Fun fact: the Irish alt-rockers were originally called 21 Demands. The band changed its name in 2011 and has since released two albums—In A Perfect World and its recent sophomore disc, Coming Up for Air. Prior to Kodaline’s show in Edmonton, lead guitarist Mark Prendergast answered some questions about the album for Vue via email.
Vue Weekly: How long did it take to make Coming Up For Air from the initial songwriting through to the end of the recording?
Mark Prendergast: It’s hard to pinpoint where we started writing Coming Up For Air because we are constantly writing songs all the time. Some of the ideas started during the recording of our first record. But we finished the album at the end of November last year. It’s been a quick turnaround for us, but we have a ton of ideas ready for what will potentially be album three.
VW: When you were first writing the songs, did you come at them a particular way? Lyrics first? Music first?
MP: We didn’t approach the writing process in any particular way really; every song went through its own journey. We went in with about 10 songs, but luckily we wrote pretty fast while in the studio. Sometimes we would write and record a song in the same day. Lyrics can come first and then other times music and melody—depends on if you initially have something to say or if that comes later.
VW: Where did the lyrics begin for you and what did you want to express with them?
MP: We write about what we’re going though; there’s never an overall theme that we stick to. On this album we started writing about other people. There’s a song on there called “The One” that was written for a friend’s wedding. That was nerve-wracking because we wrote the song for the most important day of his life. But he loved it, so happy days. It was an amazing wedding.
VW: What were the recording sessions like for this album? Is this the kind of thing you recorded live or did you piece it together one track at a time? Why?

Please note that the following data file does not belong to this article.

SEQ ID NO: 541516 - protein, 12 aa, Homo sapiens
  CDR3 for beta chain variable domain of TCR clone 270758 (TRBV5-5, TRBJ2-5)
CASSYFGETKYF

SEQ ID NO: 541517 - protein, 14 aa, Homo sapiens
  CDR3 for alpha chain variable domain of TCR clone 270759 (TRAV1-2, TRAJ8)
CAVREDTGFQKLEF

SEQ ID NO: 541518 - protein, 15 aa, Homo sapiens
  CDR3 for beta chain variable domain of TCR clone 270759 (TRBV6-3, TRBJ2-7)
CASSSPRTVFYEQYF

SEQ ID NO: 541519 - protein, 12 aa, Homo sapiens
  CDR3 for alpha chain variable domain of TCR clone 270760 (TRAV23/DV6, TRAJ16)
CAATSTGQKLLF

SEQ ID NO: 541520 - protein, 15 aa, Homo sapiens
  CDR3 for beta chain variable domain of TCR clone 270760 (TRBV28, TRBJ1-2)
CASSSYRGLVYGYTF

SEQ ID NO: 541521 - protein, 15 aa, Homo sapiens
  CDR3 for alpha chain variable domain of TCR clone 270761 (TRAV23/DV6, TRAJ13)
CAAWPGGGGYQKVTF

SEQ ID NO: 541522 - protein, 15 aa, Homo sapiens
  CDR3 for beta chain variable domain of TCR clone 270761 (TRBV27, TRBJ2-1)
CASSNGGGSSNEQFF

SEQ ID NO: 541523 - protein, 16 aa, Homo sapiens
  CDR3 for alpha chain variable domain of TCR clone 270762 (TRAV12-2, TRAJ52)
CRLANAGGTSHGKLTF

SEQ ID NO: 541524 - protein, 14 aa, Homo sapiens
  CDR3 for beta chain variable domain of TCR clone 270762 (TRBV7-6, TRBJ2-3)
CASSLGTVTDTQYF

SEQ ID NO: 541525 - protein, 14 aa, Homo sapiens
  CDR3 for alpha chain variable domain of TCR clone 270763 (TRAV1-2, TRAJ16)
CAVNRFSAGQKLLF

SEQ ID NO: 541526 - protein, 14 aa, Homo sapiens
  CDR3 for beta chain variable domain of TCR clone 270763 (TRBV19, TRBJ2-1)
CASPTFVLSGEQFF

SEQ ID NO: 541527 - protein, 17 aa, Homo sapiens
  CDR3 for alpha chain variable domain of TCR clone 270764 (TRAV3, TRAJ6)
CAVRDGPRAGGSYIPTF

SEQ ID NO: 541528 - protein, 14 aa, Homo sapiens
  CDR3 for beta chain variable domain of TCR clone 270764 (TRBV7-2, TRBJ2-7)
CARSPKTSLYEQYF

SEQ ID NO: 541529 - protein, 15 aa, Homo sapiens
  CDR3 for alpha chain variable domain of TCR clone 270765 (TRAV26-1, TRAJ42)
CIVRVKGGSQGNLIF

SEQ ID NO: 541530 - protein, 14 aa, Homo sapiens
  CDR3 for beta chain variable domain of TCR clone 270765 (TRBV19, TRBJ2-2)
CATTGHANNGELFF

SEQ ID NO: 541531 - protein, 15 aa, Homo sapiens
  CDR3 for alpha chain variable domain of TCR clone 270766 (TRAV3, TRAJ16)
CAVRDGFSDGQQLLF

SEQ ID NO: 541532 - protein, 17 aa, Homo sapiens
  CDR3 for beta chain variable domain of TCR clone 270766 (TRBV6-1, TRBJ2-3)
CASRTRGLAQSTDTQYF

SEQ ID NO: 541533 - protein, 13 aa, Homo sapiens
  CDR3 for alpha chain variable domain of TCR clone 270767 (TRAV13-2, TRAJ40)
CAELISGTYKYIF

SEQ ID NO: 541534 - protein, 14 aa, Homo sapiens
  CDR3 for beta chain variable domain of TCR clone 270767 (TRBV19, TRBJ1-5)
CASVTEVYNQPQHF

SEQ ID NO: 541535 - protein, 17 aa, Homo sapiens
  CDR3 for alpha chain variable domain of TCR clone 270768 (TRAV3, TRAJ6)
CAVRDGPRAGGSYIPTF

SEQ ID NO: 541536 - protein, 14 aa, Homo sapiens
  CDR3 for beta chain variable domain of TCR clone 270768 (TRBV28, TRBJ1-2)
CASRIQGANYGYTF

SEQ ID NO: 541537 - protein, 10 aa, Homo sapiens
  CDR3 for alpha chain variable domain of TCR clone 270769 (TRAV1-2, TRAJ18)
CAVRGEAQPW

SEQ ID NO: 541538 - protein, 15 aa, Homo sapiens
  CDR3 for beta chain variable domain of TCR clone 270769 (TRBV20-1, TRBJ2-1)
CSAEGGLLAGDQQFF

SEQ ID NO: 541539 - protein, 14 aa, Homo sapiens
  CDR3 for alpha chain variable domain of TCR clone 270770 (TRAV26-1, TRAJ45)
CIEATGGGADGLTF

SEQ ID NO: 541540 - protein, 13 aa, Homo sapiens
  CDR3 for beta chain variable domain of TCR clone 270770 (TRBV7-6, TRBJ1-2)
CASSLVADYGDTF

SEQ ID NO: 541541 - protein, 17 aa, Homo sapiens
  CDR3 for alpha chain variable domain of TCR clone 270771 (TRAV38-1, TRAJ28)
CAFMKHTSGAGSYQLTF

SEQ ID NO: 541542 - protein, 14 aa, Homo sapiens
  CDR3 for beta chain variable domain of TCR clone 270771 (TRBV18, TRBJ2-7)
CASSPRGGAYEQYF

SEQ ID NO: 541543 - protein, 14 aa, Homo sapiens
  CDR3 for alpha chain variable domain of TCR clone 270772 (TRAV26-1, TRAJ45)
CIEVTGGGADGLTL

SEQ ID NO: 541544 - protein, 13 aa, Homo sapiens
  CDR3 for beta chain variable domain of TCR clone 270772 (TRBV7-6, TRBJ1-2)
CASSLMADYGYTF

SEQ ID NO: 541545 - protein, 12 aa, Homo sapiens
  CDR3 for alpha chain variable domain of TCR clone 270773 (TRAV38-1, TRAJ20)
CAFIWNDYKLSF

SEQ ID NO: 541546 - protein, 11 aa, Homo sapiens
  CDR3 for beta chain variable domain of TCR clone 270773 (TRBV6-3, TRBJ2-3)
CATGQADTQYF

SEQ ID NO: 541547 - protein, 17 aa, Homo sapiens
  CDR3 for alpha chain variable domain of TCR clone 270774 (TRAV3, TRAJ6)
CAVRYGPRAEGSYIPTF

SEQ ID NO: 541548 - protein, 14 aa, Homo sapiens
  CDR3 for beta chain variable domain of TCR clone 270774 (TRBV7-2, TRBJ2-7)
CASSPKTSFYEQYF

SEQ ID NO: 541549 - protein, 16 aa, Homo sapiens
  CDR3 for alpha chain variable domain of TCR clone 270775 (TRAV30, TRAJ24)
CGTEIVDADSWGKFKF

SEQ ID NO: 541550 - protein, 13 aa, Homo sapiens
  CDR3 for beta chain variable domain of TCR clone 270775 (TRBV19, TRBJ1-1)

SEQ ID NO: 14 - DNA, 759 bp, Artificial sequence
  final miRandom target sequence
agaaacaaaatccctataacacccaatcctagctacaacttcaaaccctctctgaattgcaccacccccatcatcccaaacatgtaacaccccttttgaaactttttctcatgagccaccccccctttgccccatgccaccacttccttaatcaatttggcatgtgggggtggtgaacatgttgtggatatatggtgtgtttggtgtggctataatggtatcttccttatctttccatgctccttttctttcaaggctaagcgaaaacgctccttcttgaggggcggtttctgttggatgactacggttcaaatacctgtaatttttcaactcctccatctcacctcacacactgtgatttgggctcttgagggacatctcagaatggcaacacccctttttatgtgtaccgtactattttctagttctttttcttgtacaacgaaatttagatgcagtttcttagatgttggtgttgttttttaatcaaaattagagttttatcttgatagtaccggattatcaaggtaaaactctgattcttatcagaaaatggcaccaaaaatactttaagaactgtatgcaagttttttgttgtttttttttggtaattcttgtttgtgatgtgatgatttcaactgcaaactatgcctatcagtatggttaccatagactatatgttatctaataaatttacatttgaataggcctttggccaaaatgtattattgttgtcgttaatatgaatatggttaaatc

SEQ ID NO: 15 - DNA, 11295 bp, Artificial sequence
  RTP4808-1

MP: We had a bunch of songs ready, so we chose to mix it up and work with a few producers. The first producer was Jacknife Lee. He was all about building the song up and using the studio as an instrument. It took us way out of our comfort zone, but that’s good in a way. For all the other producers we worked with, Steve Harris, Johnny McDaid and Jim Elliot, we played live in the studio.
VW: Were there any other songs written that were left off the album?
MP: Every song we finished made it onto the album or the deluxe version. If we’re not feeling a song, or it’s not exactly sparking anything significant in us, then we’ll lose interest and stop. It can be hard to do when you’ve spent a bit of time on something to finally draw a line under it.
VW: How did you decide which songs to include on the album? Did you have an idea of what you wanted Coming Up For Air to be when you started, or did the finished shape emerge as the writing and recording went along?
MP: We just chose our favourites after we had recorded them. Luckily we were all on the same page so we didn’t have to have a wrestling match to decide which songs would make it. We kind of had an idea of what we wanted Coming Up For Air to sound like but it changed as we started work on it. That’s the great thing about the studio, the possibilities are endless once you walk in.
VW: You worked with a couple of different producers on the album. What drew you to them and what did they bring to the process?
MP: Every producer brought something different; it was nice to mix it up. Also, each producer brought us to different locations. Jacknife Lee was all about introducing us to new sounds—he blew our minds. It was comfortable to go back working with Steve Harris because we had done the first album with him and Phil McGee. Working with Johnny McDaid was great—we actually just got back from his house. We were hanging out with him the last few days. He’s a good dude.
VW: If you were to trace a musical map that led to Coming Up For Air, what would it look like?
MP: It would be in the shape of a dragon, because dragons are awesome and I can’t trace on my iPhone
Wed, May 13 (8 pm)
With Little India
Starlite Room, $22.50